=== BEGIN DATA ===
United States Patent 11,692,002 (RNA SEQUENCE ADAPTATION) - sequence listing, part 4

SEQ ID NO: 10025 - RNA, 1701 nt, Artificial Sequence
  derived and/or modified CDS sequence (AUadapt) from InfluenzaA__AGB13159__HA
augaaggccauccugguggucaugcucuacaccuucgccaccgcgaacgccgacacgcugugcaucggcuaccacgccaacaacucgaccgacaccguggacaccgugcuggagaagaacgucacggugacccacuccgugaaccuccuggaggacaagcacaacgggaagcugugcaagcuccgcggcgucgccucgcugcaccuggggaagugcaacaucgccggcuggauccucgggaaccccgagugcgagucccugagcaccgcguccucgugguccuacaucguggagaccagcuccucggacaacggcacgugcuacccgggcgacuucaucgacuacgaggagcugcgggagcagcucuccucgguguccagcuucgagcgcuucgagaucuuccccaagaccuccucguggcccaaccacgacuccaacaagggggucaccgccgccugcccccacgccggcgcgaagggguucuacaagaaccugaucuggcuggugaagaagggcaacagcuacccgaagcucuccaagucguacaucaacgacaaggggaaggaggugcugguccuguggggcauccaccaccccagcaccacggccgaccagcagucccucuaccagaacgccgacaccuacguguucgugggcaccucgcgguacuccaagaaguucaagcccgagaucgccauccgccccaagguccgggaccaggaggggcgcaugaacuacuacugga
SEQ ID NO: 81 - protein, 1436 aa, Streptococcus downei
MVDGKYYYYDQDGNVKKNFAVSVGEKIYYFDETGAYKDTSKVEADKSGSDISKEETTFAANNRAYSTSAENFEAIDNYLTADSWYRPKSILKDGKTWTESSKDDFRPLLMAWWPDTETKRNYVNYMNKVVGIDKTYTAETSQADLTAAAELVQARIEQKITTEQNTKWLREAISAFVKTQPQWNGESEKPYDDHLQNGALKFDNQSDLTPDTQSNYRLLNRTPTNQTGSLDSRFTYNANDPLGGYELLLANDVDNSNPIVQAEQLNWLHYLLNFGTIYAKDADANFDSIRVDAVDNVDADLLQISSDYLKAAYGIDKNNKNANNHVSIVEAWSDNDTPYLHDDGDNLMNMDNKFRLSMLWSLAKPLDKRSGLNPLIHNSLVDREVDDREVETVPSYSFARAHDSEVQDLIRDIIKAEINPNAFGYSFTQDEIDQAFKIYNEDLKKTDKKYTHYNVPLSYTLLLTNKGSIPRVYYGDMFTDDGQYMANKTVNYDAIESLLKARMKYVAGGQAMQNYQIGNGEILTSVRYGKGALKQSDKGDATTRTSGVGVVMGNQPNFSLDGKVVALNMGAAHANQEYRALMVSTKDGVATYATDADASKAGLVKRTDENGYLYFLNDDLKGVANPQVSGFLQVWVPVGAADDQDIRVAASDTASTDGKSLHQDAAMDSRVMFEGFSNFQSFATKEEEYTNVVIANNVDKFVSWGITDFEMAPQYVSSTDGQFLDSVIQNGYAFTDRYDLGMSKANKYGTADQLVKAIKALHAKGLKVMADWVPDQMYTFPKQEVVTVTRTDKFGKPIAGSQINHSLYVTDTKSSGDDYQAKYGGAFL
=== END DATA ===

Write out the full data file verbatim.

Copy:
United States Patent 11,692,002 (RNA SEQUENCE ADAPTATION) - sequence listing, part 4

SEQ ID NO: 10025 - RNA, 1701 nt, Artificial Sequence
  derived and/or modified CDS sequence (AUadapt) from InfluenzaA__AGB13159__HA
augaaggccauccugguggucaugcucuacaccuucgccaccgcgaacgccgacacgcugugcaucggcuaccacgccaacaacucgaccgacaccguggacaccgugcuggagaagaacgucacggugacccacuccgugaaccuccuggaggacaagcacaacgggaagcugugcaagcuccgcggcgucgccucgcugcaccuggggaagugcaacaucgccggcuggauccucgggaaccccgagugcgagucccugagcaccgcguccucgugguccuacaucguggagaccagcuccucggacaacggcacgugcuacccgggcgacuucaucgacuacgaggagcugcgggagcagcucuccucgguguccagcuucgagcgcuucgagaucuuccccaagaccuccucguggcccaaccacgacuccaacaagggggucaccgccgccugcccccacgccggcgcgaagggguucuacaagaaccugaucuggcuggugaagaagggcaacagcuacccgaagcucuccaagucguacaucaacgacaaggggaaggaggugcugguccuguggggcauccaccaccccagcaccacggccgaccagcagucccucuaccagaacgccgacaccuacguguucgugggcaccucgcgguacuccaagaaguucaagcccgagaucgccauccgccccaagguccgggaccaggaggggcgcaugaacuacuacugga
SEQ ID NO: 81 - protein, 1436 aa, Streptococcus downei
MVDGKYYYYDQDGNVKKNFAVSVGEKIYYFDETGAYKDTSKVEADKSGSDISKEETTFAANNRAYSTSAENFEAIDNYLTADSWYRPKSILKDGKTWTESSKDDFRPLLMAWWPDTETKRNYVNYMNKVVGIDKTYTAETSQADLTAAAELVQARIEQKITTEQNTKWLREAISAFVKTQPQWNGESEKPYDDHLQNGALKFDNQSDLTPDTQSNYRLLNRTPTNQTGSLDSRFTYNANDPLGGYELLLANDVDNSNPIVQAEQLNWLHYLLNFGTIYAKDADANFDSIRVDAVDNVDADLLQISSDYLKAAYGIDKNNKNANNHVSIVEAWSDNDTPYLHDDGDNLMNMDNKFRLSMLWSLAKPLDKRSGLNPLIHNSLVDREVDDREVETVPSYSFARAHDSEVQDLIRDIIKAEINPNAFGYSFTQDEIDQAFKIYNEDLKKTDKKYTHYNVPLSYTLLLTNKGSIPRVYYGDMFTDDGQYMANKTVNYDAIESLLKARMKYVAGGQAMQNYQIGNGEILTSVRYGKGALKQSDKGDATTRTSGVGVVMGNQPNFSLDGKVVALNMGAAHANQEYRALMVSTKDGVATYATDADASKAGLVKRTDENGYLYFLNDDLKGVANPQVSGFLQVWVPVGAADDQDIRVAASDTASTDGKSLHQDAAMDSRVMFEGFSNFQSFATKEEEYTNVVIANNVDKFVSWGITDFEMAPQYVSSTDGQFLDSVIQNGYAFTDRYDLGMSKANKYGTADQLVKAIKALHAKGLKVMADWVPDQMYTFPKQEVVTVTRTDKFGKPIAGSQINHSLYVTDTKSSGDDYQAKYGGAFL